If it's an option, it should be off by default. A normal user has no idea how an application saves data, and what saving temp files to the cloud could expose. Hell, just look at all the nude leaks to see that even when people THINK they understand the risks, they don't!
 

mi7chy

2[H]4U
Joined
May 22, 2013
Messages
3,985
What does this have to do with security? It's also an option you can turn off in the settings. You guys pride yourself with being able to build PC's and optimize them perfectly(and your phones) yet you can't look through settings on a Mac?

Did you read the article? It has everything to do with security because it's been doing it since Dec of last year so the Fappening not only exposed pics of your orifices but documents that you were safe and local but Tim Cook is mainly interested in the first. ;)
 

nessus

2[H]4U
Joined
Jan 30, 2001
Messages
2,221
We're Apple, and everything we do if for your own good. Really.

Pay no attention to the man behind the curtain.
 

dandirk

[H]ard|Gawd
Joined
Jun 5, 2004
Messages
1,832
Mild annoyance? So, your computer putting something out on the net WITHOUT your leave, is a mild annoyance?

Hope you never have to work in a secure environment.

Ok so all iCloud content is available to the public? hmmm I always thought in most cases you can control access and in addition default was to not set public access.

Mac are primarily a consumer device, so yes it is a mild annoyance for most of their users.

To the small % that operate in an environment that needs to be more secure, yes sure it is an issue. There are tons of other settings/features that exist in the world that need to be modified for that type of environment. That doesn't mean everything made would be better to fit the 1-5% use case vs all the others.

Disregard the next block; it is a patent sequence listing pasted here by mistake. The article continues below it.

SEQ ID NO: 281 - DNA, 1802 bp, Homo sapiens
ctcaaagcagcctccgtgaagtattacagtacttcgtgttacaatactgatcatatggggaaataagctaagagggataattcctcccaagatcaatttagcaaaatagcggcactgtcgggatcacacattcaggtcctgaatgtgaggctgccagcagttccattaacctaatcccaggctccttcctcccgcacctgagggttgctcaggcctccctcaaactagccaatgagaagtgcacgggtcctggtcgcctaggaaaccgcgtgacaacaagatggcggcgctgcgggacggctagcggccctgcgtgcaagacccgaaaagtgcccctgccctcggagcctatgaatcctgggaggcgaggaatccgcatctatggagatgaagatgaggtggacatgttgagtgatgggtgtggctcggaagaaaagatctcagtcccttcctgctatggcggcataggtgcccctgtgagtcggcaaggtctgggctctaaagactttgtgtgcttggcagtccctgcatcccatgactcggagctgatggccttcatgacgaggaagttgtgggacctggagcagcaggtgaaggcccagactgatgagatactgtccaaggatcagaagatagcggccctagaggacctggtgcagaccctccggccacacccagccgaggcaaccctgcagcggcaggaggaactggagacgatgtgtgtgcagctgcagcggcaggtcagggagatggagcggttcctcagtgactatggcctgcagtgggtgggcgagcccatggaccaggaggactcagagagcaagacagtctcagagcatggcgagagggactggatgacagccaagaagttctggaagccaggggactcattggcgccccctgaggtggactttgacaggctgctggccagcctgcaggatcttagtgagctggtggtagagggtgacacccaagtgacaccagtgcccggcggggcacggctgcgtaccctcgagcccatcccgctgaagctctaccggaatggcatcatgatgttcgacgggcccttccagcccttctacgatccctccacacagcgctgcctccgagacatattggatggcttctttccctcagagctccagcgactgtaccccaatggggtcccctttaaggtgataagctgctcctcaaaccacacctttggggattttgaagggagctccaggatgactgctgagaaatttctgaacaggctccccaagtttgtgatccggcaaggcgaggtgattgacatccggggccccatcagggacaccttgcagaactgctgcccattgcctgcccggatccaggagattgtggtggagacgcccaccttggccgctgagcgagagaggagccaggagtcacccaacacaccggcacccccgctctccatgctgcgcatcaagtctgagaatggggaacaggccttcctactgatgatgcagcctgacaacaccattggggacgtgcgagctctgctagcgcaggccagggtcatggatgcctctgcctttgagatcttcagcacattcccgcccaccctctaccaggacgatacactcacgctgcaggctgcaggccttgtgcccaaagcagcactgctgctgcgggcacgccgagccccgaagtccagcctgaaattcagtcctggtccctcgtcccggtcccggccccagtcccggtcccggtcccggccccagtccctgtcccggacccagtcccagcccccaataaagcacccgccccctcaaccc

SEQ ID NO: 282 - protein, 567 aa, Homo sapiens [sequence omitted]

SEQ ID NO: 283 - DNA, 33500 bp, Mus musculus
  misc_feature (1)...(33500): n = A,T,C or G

In my view your attitude does not take in the whole scope of the situation, sort of like being appalled that a honda prius can't compete in the indy 500. Its not expected to.

You might want to think about adding more locks to your doors cause they could be kicked in... Most banks use 10" thick steel doors (or what ever), sounds like they might be needed for your front door cause they are more "secure".

I am not arguing that it shouldn't be a option that is not enabled by default, all I am saying is that is the direction consumer computing is going. It should't be that shocking.

IMO Its a pretty good direction too, improving usability and reducing technical knowledge requirements, letting people focus on their passions that are enhanced by computing devices.
 

haste.

[H]ard|Gawd
Joined
Nov 11, 2011
Messages
1,651
What does this have to do with security? It's also an option you can turn off in the settings. You guys pride yourself with being able to build PC's and optimize them perfectly(and your phones) yet you can't look through settings on a Mac?

This is why we build our computers and don't use Mac's in the first place...
 

Demon10000

Supreme [H]ardness
Joined
Aug 20, 2006
Messages
4,502
Mac are primarily a consumer device, so yes it is a mild annoyance for most of their users.
.
.
.
I am not arguing that it shouldn't be a option that is not enabled by default, all I am saying is that is the direction consumer computing is going. It should't be that shocking.